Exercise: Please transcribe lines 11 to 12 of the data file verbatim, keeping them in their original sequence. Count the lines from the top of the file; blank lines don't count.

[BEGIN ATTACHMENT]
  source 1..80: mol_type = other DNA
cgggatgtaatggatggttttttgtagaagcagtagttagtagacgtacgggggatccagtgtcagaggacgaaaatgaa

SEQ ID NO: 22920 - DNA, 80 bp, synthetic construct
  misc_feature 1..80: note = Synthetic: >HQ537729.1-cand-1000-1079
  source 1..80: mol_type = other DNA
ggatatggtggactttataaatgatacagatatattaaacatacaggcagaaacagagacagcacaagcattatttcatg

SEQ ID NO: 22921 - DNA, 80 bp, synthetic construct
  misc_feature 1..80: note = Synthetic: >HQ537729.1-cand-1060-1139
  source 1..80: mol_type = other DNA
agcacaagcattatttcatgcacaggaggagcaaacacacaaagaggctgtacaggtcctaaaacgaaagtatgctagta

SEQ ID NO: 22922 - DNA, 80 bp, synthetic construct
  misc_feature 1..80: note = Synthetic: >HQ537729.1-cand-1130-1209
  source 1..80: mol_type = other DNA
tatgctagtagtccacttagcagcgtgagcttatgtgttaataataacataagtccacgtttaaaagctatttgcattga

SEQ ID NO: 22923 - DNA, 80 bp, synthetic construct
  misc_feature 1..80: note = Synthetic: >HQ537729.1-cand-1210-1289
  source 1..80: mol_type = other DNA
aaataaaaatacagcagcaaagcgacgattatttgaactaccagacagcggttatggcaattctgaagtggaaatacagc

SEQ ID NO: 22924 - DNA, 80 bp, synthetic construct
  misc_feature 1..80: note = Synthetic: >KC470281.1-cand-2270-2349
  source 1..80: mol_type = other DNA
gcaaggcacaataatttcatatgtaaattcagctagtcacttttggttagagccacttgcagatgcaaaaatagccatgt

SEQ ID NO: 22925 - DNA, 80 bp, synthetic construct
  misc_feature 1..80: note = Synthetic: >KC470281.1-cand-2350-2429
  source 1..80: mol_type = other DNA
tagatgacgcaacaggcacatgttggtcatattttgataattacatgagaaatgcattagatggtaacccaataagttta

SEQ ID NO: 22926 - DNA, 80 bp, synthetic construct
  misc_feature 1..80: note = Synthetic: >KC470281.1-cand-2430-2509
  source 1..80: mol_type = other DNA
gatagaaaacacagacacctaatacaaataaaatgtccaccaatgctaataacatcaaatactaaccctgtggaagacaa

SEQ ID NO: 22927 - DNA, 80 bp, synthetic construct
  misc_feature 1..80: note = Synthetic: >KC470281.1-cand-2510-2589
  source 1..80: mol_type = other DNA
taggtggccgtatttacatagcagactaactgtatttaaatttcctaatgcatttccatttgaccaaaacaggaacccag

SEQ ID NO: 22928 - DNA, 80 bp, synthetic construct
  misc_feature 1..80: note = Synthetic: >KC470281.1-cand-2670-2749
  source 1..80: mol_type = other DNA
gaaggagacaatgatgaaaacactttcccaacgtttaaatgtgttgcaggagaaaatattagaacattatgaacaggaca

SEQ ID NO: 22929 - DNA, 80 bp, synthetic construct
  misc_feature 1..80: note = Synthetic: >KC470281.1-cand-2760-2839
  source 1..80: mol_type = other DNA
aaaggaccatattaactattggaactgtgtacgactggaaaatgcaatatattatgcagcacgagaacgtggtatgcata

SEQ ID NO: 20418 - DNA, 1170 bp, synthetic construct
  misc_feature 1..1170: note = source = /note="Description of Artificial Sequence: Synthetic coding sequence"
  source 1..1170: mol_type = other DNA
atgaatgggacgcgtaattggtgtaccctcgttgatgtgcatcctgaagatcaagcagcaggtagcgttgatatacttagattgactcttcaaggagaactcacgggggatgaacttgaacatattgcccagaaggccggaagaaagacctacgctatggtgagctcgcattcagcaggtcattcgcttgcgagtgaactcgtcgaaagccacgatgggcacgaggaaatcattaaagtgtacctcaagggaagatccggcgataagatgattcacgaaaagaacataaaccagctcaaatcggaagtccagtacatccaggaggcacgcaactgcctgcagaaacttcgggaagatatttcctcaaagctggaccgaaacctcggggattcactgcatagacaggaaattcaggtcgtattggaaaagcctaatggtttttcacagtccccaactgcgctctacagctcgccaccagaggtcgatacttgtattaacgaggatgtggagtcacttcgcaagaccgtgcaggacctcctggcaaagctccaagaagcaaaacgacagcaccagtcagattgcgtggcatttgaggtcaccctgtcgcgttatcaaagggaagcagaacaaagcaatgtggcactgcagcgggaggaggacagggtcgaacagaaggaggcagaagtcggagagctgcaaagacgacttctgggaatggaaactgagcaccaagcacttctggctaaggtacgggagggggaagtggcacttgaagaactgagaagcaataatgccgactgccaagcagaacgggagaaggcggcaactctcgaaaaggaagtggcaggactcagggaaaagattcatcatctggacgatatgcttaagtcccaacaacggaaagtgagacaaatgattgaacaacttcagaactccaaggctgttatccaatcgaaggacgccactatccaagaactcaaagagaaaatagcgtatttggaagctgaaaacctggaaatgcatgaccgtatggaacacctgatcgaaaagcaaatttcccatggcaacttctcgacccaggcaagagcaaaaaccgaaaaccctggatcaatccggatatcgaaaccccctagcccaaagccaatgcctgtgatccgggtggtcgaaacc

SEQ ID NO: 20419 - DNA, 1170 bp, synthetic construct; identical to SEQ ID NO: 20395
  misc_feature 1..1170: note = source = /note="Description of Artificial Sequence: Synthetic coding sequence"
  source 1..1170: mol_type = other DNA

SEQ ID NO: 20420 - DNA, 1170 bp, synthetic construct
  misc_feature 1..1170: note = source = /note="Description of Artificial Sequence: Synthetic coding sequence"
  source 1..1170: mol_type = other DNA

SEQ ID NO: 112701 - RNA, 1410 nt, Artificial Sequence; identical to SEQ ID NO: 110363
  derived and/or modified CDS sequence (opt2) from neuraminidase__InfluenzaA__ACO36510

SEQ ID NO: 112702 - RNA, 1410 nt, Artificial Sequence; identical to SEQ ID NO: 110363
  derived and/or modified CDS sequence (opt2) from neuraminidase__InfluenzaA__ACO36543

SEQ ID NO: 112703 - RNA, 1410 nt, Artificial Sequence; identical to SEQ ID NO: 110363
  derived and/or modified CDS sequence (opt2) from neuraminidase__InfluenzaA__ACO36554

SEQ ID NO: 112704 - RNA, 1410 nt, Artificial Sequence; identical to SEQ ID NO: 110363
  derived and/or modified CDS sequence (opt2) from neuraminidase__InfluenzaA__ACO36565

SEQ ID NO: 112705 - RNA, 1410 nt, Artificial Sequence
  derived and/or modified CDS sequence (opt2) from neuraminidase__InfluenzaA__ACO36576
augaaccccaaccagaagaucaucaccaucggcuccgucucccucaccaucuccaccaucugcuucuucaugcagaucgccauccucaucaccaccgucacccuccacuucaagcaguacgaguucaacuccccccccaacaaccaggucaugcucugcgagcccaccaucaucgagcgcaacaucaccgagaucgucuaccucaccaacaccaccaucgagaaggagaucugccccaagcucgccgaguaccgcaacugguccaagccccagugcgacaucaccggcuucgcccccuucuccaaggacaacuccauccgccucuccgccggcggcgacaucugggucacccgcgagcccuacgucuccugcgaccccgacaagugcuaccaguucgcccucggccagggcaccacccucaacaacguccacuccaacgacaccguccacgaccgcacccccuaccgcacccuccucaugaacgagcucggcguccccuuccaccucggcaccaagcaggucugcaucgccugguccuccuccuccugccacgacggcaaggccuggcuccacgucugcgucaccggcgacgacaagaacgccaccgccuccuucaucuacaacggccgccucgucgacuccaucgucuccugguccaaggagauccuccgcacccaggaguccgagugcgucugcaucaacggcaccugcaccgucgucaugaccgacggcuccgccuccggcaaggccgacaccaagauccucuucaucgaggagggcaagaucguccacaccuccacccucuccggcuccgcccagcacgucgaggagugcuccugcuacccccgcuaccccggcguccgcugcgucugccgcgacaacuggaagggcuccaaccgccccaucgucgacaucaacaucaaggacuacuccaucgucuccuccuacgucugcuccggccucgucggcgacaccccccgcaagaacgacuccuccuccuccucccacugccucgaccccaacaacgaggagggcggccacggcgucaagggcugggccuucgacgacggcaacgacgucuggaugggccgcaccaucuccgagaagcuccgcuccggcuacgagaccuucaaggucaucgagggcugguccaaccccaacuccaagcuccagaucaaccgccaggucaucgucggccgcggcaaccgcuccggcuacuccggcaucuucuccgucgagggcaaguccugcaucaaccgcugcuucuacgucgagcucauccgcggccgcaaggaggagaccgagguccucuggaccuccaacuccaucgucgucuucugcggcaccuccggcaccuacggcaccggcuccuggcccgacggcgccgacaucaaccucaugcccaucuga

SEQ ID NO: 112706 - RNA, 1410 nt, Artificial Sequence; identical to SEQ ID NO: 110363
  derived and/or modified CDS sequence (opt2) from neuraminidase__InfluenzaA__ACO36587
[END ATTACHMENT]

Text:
SEQ ID NO: 22922 - DNA, 80 bp, synthetic construct
  misc_feature 1..80: note = Synthetic: >HQ537729.1-cand-1130-1209